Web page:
Tuesday, August 3, 2021

The Power of Who

This post originally appeared on my personal blog. The principles in the book are timeless, so I’m republishing it here for my career industry colleagues.

I recently finished reading “The Power of Who: You Already Know Everyone You Need to Know” by headhunter Bob Beaudine, and before I take it back to the library, I thought I’d better write down some of the key concepts. Normally, I’d take notes as I go through it, but I read it while blow-drying my hair over the course of a few days, and it’s hard to write and wield a blow dryer at the same time. (I take notes on most business books I read — not only is it a helpful reference for later, but I remember things better when I write them down, as opposed to just reading them.)

Key thoughts:

  • Cultivate your “Who” friends. Beaudine defines these as someone who can “intercept you on the dark path you’ve taken and redirect your steps back on to the path of light.” These are the friends that aren’t afraid to challenge you, or call “B.S.” when you’re doubting yourself.
  • He urges you to ask yourself, “What am I doing right now to steer my life in the direction of the future I truly desire?” If you use this as a compass, you’ll always find yourself moving forward.
  • The key concept: “You already know everyone you need to know.” Although he explains this well, I still am having a hard time with it. My take on it is: Start with the people you know, before thinking that you need to get to know new people. Beaudine supports this: “Most people start looking outside their ‘Who’ network thinking their success will be found ‘out there’ somewhere." Instead, start with the people you already know.”
  • Three simple steps to getting moving on a new project:
  1. If you were to refocus your efforts to achieve your goal, what would you do first?
  2. Who would you call for assistance?
  3. How many people would you call?
  • Employ the “100/40 Strategy.” 1-100 = Who; 1-40 = What; Connecting the Dots = Success. The first set of numbers (1-100) is about relationships. The second set (1-40) is about what you’re after. 

Beaudine writes, “There is a reason you and I have been given the friends we have, and it’s this strategic group of friends that is the first part of (the) equation.” We don’t realize that our closest friends are the best resources we have! Instead, we think a stranger is going to be our biggest help in achieving our goal.

  • Your “Who” World consists of several different spheres — Fans, Acquaintances, Advocates, Allies, “Who” Friends, and then your Inner Circle (“You get 12 friends. 3 close and 1 best.”)
  1. Allies: People you associate with, connect with, or touch through your 12-3-1 and “Who” friends.
  2. Advocates: Someone who speaks or writes in support of you or your cause.
  3. Acquaintances: All friends start as acquaintances. It's a relationship "less intimate than" a friendship.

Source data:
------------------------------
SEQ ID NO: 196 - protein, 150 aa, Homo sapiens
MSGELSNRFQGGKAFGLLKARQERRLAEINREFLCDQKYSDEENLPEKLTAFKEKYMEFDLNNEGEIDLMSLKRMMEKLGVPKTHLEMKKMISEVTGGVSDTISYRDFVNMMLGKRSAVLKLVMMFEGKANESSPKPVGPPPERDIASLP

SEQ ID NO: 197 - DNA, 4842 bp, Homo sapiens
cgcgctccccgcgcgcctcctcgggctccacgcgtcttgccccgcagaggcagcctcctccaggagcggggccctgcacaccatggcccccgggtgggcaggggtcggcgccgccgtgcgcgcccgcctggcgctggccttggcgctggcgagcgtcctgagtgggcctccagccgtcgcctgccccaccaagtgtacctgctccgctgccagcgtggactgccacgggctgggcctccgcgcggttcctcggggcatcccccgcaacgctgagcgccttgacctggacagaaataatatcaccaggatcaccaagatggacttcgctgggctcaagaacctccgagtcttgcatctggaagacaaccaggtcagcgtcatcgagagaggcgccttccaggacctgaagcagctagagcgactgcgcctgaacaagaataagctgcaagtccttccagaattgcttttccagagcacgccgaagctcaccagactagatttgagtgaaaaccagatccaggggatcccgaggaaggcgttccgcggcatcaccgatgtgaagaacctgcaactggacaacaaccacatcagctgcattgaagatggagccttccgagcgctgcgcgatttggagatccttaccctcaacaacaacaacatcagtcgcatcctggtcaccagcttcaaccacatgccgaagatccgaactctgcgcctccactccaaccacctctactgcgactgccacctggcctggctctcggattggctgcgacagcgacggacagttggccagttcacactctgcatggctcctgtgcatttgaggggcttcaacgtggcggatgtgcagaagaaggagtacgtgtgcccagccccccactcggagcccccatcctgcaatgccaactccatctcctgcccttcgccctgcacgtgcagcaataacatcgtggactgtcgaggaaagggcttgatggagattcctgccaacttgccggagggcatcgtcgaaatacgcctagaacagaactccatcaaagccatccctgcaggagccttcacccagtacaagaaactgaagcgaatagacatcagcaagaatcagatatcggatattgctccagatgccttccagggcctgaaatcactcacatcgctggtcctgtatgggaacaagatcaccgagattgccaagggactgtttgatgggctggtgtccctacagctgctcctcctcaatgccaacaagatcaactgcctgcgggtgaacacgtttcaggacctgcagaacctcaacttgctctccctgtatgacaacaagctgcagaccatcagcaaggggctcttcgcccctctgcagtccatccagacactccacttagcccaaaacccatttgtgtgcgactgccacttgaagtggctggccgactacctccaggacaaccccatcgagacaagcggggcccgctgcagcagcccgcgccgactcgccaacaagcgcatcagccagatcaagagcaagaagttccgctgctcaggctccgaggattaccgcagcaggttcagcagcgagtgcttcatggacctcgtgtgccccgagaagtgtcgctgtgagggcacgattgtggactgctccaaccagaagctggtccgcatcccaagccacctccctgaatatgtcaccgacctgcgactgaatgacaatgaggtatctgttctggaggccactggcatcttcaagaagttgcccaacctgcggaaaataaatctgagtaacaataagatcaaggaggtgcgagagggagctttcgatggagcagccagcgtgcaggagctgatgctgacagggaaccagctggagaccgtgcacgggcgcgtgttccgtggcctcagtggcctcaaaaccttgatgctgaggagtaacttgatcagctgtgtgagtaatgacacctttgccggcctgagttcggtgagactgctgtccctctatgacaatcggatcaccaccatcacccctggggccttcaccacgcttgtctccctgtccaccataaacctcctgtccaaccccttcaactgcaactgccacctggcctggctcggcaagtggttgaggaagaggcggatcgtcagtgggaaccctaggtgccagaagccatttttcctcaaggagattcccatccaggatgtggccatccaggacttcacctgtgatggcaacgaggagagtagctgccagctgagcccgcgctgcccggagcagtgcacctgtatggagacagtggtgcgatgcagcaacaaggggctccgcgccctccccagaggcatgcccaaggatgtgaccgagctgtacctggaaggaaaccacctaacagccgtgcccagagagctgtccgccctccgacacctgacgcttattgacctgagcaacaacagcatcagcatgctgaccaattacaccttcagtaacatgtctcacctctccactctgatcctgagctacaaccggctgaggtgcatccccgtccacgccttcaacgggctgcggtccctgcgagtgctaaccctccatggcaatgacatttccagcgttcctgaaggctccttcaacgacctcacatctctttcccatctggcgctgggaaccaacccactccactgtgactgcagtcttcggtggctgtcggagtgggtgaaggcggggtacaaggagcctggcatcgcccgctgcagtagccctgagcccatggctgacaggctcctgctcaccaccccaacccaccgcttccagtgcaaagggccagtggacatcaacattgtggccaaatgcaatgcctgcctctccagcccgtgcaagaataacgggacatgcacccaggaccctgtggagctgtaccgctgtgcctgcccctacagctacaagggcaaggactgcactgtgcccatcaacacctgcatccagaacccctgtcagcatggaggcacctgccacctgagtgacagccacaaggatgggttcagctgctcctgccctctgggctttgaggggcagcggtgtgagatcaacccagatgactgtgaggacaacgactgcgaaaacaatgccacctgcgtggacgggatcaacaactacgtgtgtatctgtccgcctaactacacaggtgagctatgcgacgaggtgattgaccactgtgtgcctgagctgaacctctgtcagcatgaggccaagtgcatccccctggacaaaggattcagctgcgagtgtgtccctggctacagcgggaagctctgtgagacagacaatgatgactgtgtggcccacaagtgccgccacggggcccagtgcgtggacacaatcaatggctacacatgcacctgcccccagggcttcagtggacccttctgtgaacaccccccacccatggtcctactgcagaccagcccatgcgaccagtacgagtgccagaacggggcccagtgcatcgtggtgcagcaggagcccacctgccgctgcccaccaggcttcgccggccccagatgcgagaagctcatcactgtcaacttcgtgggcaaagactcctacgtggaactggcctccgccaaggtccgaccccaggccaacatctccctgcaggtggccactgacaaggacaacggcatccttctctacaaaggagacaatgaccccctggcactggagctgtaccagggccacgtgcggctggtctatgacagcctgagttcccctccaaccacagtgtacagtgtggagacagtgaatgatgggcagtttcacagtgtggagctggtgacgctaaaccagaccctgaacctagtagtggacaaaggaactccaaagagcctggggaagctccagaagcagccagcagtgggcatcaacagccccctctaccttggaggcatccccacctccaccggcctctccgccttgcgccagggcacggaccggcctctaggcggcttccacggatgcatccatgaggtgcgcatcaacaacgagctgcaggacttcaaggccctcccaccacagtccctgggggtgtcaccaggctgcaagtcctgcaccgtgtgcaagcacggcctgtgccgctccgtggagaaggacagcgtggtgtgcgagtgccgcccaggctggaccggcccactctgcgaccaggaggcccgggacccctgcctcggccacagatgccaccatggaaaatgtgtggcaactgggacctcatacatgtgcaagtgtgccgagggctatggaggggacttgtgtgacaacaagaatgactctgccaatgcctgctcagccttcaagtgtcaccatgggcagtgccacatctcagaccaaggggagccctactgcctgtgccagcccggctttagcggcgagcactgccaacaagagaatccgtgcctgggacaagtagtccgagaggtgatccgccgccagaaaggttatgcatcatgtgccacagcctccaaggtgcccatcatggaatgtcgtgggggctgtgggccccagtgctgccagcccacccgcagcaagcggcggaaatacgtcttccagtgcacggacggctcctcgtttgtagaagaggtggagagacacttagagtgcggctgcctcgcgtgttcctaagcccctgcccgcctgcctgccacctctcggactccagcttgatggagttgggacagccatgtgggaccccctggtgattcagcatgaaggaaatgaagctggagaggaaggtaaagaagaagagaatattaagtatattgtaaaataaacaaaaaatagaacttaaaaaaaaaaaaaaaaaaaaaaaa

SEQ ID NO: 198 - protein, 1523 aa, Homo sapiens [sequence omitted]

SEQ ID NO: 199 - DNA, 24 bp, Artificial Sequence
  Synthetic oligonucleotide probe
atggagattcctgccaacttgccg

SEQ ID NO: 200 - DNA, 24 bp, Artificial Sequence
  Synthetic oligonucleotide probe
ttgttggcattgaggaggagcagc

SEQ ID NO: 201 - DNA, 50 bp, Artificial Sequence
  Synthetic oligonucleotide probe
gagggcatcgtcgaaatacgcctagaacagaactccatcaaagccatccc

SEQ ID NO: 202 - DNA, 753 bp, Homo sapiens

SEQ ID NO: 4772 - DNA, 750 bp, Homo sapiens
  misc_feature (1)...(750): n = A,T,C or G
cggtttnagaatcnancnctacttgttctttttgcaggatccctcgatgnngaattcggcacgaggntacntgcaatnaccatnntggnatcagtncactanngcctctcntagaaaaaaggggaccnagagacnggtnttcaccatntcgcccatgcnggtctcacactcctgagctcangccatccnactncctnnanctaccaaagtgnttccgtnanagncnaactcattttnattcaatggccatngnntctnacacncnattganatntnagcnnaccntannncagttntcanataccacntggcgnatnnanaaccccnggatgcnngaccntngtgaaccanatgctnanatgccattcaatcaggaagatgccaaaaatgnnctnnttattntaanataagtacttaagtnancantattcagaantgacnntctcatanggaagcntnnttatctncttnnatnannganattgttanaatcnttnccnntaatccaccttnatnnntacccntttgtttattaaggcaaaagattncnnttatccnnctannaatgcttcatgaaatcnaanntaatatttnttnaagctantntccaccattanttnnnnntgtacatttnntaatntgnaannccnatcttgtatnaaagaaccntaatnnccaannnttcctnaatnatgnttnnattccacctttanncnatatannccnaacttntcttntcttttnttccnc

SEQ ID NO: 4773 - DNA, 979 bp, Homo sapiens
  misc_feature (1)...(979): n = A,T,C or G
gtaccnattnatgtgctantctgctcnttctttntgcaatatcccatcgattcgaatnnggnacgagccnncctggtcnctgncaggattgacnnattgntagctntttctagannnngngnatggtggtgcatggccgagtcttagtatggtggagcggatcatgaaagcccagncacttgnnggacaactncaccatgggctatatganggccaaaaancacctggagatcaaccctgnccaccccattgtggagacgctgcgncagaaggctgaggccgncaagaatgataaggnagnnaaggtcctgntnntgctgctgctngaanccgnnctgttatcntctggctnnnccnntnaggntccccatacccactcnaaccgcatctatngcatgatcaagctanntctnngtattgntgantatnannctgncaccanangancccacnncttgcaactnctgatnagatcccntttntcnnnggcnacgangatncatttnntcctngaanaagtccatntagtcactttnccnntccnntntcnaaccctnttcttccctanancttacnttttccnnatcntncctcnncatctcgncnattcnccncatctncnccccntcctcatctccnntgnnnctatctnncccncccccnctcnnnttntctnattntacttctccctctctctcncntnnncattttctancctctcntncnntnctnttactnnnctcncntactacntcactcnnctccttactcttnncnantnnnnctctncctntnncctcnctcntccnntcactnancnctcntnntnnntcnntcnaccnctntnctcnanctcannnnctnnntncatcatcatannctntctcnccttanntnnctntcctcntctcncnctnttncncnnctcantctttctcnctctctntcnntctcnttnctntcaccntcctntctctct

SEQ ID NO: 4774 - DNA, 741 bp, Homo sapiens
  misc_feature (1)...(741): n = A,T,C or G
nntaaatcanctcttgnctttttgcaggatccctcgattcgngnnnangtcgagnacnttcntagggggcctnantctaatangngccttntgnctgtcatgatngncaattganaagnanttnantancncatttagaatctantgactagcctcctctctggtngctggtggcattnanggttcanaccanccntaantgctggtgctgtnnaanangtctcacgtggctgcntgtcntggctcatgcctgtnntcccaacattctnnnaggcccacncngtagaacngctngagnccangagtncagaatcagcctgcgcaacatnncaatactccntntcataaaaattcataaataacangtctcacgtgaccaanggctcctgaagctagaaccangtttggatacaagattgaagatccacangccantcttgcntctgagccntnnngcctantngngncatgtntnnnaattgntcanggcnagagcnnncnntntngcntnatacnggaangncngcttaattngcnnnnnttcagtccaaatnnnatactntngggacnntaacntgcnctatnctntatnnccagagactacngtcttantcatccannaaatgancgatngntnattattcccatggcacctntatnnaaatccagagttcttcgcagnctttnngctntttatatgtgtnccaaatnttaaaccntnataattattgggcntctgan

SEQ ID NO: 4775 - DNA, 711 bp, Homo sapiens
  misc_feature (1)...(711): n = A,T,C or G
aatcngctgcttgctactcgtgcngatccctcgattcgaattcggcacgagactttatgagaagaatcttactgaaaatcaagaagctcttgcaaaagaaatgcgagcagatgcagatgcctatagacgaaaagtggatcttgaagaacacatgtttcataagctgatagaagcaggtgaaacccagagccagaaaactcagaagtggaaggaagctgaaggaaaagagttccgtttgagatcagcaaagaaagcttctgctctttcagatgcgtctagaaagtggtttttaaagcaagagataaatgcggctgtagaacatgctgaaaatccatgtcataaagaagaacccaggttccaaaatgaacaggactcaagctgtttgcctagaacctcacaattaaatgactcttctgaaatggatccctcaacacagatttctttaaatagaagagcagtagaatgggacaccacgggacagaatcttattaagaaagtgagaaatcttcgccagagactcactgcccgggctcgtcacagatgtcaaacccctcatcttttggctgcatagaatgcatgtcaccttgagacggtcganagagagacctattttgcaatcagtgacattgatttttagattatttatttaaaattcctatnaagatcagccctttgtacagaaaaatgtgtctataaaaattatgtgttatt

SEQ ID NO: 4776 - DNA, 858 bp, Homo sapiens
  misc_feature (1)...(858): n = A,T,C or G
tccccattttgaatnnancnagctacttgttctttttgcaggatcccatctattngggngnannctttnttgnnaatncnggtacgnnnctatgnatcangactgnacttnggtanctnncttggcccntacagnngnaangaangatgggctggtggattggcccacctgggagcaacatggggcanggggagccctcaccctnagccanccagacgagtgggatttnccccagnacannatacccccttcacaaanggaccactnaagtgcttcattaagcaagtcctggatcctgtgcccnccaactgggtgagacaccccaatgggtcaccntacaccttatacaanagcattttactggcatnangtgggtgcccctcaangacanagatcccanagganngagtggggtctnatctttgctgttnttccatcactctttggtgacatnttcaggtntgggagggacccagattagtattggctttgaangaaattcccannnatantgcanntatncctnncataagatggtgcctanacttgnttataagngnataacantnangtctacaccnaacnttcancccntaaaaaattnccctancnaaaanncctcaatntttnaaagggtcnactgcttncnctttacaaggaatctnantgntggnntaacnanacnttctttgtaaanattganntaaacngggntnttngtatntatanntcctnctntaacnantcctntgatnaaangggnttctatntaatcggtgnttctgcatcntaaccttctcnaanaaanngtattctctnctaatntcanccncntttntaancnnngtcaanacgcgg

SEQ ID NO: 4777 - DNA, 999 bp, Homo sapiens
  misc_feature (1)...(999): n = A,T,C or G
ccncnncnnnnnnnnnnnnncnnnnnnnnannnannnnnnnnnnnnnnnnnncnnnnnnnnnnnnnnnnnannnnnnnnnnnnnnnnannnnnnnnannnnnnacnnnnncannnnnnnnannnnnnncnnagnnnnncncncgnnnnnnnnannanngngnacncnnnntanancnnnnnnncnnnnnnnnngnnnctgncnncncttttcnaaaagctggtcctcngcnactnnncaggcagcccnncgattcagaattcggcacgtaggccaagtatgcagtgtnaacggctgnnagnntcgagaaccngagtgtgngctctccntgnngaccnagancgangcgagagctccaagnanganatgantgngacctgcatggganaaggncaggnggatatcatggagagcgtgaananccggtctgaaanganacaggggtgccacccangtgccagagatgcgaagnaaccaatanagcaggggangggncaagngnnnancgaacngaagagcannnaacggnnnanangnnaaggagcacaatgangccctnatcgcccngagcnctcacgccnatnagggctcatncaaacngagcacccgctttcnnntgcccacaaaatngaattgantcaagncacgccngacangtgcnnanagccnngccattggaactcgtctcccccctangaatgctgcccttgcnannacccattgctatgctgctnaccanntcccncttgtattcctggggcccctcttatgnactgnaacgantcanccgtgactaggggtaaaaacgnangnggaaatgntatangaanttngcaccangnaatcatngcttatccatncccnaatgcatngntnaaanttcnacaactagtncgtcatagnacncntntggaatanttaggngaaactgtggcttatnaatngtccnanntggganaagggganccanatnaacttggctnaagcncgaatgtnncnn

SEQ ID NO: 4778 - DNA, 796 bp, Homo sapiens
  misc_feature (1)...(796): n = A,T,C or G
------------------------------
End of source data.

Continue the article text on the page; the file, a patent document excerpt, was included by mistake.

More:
4. Fans: An enthusiastic devotee, follower, or admirer. "Fans are the economic wheel that keeps things rolling. Fans fuel demand."
  • Most people never get what they want for three simple reasons: 
  1. They don’t ask. No one can help if they don’t know what you want. 
  2. When they do ask, they ask the wrong people. For some reason, people are uncomfortable asking their “Who” for help. As a result, they’ll ask most anyone except their friends, who are the only ones with a motive to help. 
  3. When they do ask for help, they ask you vaguely. Even if I’m motivated to help a friend, I can’t do it when I don't know what he or she wants.

This makes perfect sense. For example, when my clients are networking, they often don’t talk to the people who are best suited to help them succeed. I had a client who worked in the transportation industry and was laid off. After weeks of telling him to make sure that he was talking to his network about his career goal and asking for specific help, he was getting stuck. So I reached out to mynetwork. Within a day, I had an opening at a local company for him to follow up on. When I gave him the information, he said, “Oh. A guy I used to work with works there now.” Well then, dude, why didn’t you already know about this opening? Because he wasn’t using his “100.”
  • Four instructions on making a good list to help you chart your future course:
  1. Dream It. Allow yourself to drift a little.
  2. Believe It. “Have the confidence that what may not be readily apparent in objective reality actually already exists.”
  3. Have Confidence In It. “If you don't decide who and what you want to be or are not willing to pay the price to get there, then somebody else will handle those things for you.”
  4. Do It. There is a time to stop preparing and just execute!
  • Important Traits of Successful People:
  1. They start.
  2. They are not discouraged by obstacles.
  3. They turn mistakes and so-called failures into stunning success. 
  4. They maintain self-discipline.
  5. They stick to it.

The most important lesson:
Take care of the people on your “100 list” and they will take care of you.

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